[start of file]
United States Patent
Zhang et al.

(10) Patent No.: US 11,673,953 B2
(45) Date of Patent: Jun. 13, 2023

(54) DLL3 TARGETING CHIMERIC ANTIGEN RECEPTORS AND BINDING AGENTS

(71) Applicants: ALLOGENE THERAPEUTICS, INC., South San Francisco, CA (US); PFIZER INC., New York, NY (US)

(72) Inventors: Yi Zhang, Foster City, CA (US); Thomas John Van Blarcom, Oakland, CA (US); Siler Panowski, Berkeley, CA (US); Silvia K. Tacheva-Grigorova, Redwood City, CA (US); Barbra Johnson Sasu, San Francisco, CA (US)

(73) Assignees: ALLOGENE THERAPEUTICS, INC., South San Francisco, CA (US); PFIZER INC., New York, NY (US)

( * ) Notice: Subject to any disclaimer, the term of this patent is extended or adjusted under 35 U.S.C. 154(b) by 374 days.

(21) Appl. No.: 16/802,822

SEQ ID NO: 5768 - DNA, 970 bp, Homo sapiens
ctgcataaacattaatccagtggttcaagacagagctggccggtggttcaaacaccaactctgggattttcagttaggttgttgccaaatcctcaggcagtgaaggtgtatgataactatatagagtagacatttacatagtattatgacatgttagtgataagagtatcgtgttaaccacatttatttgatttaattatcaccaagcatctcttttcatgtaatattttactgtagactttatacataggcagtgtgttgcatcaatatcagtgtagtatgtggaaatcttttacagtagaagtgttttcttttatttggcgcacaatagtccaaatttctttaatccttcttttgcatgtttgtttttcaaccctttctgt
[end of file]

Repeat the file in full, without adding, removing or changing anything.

United States Patent
Zhang et al.

(10) Patent No.: US 11,673,953 B2
(45) Date of Patent: Jun. 13, 2023

(54) DLL3 TARGETING CHIMERIC ANTIGEN RECEPTORS AND BINDING AGENTS

(71) Applicants: ALLOGENE THERAPEUTICS, INC., South San Francisco, CA (US); PFIZER INC., New York, NY (US)

(72) Inventors: Yi Zhang, Foster City, CA (US); Thomas John Van Blarcom, Oakland, CA (US); Siler Panowski, Berkeley, CA (US); Silvia K. Tacheva-Grigorova, Redwood City, CA (US); Barbra Johnson Sasu, San Francisco, CA (US)

(73) Assignees: ALLOGENE THERAPEUTICS, INC., South San Francisco, CA (US); PFIZER INC., New York, NY (US)

( * ) Notice: Subject to any disclaimer, the term of this patent is extended or adjusted under 35 U.S.C. 154(b) by 374 days.

(21) Appl. No.: 16/802,822

SEQ ID NO: 5768 - DNA, 970 bp, Homo sapiens
ctgcataaacattaatccagtggttcaagacagagctggccggtggttcaaacaccaactctgggattttcagttaggttgttgccaaatcctcaggcagtgaaggtgtatgataactatatagagtagacatttacatagtattatgacatgttagtgataagagtatcgtgttaaccacatttatttgatttaattatcaccaagcatctcttttcatgtaatattttactgtagactttatacataggcagtgtgttgcatcaatatcagtgtagtatgtggaaatcttttacagtagaagtgttttcttttatttggcgcacaatagtccaaatttctttaatccttcttttgcatgtttgtttttcaaccctttctgt